LONDON (Reuters) – Oil rose about 1% on Thursday after early declines on a weaker dollar and U.S. inventory drawdowns, but delays to vaccine rollouts and fresh travel curbs to prevent new coronavirus outbreaks kept further gains at bay.
Brent crude futures were up 53 cents at $56.34 a barrel by 1454 GMT, having hit a session low of $55.31.
U.S. West Texas Intermediate (WTI) crude futures were up 52 cents at $53.37 after dropping as low as $52.22.
Oil prices were supported by data on Wednesday showing a huge 10 million barrel decline in U.S. crude inventories last week, which analysts said was because of a pick-up in U.S. crude exports and a drop in imports. [EIA/S]
“The draw was a big relief for inventories, especially as it followed a week of builds, putting traders at ease that supply doesn’t overwhelm demand for the time being,” Rystad Energy’s Louise Dickson said.
The U.S. dollar index flipped into negative territory after earlier gains, which also helped support oil prices. Buyers using other currencies pay less for dollar-priced oil when the greenback falls.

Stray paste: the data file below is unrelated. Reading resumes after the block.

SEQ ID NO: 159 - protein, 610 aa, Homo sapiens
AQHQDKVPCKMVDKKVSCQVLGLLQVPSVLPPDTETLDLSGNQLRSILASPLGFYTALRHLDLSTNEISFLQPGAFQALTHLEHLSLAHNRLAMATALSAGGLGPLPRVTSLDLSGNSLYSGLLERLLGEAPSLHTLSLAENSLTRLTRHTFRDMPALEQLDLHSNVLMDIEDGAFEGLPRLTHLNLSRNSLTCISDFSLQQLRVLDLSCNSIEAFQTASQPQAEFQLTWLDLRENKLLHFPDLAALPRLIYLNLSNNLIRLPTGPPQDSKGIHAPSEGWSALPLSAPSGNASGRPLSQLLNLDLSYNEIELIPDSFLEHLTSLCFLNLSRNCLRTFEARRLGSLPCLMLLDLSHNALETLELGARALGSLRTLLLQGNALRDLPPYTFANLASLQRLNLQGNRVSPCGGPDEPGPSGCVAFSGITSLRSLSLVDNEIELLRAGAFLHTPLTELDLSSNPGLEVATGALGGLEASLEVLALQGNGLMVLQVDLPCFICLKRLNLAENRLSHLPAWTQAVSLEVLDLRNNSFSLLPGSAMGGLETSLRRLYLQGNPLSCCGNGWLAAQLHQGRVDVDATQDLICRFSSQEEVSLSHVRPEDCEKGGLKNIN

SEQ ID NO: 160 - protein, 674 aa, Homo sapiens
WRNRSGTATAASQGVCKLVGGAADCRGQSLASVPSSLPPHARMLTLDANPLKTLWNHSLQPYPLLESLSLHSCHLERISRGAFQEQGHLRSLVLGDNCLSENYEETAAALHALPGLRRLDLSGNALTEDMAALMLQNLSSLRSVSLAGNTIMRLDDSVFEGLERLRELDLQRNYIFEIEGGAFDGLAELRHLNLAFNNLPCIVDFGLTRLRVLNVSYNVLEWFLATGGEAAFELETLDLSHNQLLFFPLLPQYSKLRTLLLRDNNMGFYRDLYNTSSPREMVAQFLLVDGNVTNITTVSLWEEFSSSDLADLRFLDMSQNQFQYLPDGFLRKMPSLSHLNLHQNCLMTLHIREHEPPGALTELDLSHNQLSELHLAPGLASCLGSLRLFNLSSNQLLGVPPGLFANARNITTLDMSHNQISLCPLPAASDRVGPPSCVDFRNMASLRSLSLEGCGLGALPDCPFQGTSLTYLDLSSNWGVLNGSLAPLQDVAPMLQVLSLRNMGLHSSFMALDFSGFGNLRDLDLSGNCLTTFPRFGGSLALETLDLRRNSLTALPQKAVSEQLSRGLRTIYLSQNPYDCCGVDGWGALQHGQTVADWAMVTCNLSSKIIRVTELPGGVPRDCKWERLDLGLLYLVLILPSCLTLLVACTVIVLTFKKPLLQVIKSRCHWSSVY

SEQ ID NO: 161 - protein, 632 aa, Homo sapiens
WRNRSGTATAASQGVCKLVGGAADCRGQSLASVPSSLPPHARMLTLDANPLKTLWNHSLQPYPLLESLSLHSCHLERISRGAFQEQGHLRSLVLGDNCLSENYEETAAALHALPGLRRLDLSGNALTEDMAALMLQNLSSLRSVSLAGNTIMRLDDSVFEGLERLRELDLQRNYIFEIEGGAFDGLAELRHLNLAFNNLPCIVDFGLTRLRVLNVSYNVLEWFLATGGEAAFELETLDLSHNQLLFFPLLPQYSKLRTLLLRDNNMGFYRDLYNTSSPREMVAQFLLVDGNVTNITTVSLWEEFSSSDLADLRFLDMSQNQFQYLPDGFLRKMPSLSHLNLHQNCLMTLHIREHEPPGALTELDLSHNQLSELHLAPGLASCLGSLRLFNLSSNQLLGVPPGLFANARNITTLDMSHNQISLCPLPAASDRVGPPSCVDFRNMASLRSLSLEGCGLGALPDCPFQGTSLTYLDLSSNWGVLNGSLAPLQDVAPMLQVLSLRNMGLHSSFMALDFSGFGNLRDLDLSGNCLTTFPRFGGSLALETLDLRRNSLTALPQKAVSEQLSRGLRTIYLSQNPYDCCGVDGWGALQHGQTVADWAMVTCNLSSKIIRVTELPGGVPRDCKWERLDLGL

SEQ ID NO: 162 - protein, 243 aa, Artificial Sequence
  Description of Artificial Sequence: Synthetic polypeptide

The U.S. economy in 2020 contracted at its sharpest pace since 1946 as the pandemic depressed consumer spending and business investment, pushing millions of Americans out of work and into poverty, data showed on Thursday.
Demand concerns weighed on sentiment, however, preventing further price gains.
Stricter vaccine checks by the European Union and delivery hold-ups from AstraZeneca and Pfizer have slowed the rollout of shots.
In China, the world’s second-largest oil consumer, a surge in coronavirus cases has led to travel restrictions ahead of the Lunar New Year, normally the busiest travel season of the year.
The Chinese Ministry of Transport has forecast the number of trips that will be taken will rise 15% from last year, when the virus was raging, but is still likely to be down 40% from 2019.
Additional reporting by Shu Zhang in Singapore and Sonali Paul in Melbourne; Editing by Barbara Lewis, David Goodman, Alexandra Hudson